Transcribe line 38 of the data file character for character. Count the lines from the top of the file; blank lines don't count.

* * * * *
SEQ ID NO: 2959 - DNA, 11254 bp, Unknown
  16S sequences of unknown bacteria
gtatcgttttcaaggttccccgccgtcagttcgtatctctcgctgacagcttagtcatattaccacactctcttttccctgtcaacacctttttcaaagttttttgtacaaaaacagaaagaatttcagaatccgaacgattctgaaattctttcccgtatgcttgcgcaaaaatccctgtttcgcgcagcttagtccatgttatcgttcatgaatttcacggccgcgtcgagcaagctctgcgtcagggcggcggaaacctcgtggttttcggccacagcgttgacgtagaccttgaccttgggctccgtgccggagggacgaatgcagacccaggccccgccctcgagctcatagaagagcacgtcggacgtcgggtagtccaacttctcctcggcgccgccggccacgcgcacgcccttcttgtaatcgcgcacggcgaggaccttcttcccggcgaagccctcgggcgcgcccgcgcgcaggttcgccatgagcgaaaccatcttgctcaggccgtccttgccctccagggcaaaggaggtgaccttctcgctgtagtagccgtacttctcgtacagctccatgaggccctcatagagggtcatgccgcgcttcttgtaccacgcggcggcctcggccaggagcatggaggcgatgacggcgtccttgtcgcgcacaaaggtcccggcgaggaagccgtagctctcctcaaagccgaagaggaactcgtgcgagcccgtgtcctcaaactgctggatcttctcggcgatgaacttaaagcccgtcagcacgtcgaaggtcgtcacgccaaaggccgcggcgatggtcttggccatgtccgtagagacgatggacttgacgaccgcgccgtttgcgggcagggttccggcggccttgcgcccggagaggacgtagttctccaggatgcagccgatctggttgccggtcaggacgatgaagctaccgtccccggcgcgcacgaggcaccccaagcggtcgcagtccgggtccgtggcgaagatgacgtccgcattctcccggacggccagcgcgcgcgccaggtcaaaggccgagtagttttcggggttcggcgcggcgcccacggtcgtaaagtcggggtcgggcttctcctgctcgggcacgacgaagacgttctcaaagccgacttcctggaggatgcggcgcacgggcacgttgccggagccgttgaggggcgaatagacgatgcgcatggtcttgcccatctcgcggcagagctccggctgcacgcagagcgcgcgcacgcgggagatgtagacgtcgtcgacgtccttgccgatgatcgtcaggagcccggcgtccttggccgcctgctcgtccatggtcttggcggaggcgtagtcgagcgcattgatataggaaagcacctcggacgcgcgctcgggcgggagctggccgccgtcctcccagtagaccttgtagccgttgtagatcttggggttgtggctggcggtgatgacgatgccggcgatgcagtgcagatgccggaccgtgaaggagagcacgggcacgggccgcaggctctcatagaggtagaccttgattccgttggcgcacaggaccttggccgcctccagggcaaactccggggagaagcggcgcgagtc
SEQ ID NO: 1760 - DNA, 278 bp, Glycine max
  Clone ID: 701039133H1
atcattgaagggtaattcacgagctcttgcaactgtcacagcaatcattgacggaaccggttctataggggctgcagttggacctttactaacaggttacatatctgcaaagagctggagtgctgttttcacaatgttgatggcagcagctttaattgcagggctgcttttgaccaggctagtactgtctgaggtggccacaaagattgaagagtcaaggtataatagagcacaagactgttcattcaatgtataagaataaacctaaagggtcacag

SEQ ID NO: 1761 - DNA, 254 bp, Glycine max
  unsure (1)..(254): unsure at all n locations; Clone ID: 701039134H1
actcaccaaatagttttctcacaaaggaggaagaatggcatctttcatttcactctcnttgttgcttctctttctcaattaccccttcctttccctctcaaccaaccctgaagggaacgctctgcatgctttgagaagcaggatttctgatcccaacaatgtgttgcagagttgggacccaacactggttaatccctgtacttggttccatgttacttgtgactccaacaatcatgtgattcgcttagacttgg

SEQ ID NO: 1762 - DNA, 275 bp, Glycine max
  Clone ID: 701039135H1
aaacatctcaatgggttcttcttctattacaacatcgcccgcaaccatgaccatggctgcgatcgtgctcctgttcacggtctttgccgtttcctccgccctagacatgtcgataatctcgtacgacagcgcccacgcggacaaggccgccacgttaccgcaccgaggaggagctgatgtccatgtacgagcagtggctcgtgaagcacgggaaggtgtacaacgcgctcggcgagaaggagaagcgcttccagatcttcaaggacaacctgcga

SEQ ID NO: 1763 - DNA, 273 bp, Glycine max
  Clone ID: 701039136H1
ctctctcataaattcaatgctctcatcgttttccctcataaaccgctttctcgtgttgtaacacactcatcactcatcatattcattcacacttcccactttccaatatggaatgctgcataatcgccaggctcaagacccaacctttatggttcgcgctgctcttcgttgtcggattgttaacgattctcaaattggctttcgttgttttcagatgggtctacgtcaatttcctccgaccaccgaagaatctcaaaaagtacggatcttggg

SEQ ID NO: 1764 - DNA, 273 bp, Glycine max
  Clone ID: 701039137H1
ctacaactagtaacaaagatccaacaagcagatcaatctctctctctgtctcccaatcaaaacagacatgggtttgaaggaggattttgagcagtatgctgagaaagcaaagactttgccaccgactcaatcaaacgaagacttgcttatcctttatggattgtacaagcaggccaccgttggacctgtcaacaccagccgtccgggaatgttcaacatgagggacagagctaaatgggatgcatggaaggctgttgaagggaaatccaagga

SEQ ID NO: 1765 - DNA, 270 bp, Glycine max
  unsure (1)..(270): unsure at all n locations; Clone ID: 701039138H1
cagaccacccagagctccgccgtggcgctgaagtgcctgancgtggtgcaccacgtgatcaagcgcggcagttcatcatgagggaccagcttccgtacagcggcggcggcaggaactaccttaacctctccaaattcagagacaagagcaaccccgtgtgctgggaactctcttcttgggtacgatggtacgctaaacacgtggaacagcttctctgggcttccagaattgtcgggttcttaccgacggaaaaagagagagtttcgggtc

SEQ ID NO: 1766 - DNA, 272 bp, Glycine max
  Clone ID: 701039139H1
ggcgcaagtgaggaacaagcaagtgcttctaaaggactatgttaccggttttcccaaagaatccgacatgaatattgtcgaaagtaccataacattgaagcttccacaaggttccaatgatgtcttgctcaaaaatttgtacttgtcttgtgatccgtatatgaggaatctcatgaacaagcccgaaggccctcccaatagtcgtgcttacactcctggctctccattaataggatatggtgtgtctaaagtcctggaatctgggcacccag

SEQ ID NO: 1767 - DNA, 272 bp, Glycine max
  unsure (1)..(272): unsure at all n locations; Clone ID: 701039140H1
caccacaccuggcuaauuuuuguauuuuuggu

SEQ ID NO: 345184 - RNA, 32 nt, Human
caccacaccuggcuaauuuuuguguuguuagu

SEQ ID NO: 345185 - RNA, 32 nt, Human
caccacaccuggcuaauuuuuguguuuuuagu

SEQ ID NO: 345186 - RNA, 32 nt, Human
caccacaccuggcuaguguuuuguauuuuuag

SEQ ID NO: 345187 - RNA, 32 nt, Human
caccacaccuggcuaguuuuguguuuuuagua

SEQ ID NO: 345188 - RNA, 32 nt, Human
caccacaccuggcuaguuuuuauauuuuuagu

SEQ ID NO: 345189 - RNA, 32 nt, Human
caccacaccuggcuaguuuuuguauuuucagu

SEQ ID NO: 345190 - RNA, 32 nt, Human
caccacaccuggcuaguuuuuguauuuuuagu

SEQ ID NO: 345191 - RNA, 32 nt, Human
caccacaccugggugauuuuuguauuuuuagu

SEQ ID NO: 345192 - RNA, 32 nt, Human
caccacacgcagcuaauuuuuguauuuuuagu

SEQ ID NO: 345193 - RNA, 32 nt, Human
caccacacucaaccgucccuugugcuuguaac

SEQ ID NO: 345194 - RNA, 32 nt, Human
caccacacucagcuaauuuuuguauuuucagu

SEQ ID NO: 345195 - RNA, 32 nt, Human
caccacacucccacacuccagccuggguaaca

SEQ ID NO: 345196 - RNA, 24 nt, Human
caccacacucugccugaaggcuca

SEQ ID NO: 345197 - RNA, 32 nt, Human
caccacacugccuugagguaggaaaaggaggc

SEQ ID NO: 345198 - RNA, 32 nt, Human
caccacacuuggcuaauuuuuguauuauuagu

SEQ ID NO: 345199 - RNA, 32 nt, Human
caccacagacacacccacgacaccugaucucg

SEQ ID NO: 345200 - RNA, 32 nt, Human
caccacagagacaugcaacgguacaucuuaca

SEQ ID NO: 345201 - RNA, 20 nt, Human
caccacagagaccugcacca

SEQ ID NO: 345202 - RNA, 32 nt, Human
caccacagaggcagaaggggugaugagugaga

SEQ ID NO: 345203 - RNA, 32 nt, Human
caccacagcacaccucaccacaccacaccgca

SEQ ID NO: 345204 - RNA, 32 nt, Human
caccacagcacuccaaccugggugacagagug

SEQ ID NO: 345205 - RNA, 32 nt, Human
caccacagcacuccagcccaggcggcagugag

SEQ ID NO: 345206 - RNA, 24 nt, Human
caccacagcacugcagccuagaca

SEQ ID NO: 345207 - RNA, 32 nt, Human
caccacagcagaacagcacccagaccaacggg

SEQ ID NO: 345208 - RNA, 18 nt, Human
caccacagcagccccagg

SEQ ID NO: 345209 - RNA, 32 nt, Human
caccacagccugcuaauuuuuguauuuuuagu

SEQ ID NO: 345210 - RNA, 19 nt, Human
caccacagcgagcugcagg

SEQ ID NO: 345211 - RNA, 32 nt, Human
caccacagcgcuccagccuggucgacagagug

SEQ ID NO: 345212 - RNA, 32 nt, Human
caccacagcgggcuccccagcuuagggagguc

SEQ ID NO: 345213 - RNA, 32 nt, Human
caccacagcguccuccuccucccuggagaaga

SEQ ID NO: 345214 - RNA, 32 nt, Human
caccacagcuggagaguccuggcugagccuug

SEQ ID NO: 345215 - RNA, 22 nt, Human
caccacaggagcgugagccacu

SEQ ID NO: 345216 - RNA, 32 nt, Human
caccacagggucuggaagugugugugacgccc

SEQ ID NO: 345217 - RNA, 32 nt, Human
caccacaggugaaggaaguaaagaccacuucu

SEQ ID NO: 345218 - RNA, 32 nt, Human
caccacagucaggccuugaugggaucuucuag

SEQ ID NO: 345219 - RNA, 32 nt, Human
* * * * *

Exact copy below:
SEQ ID NO: 345189 - RNA, 32 nt, Human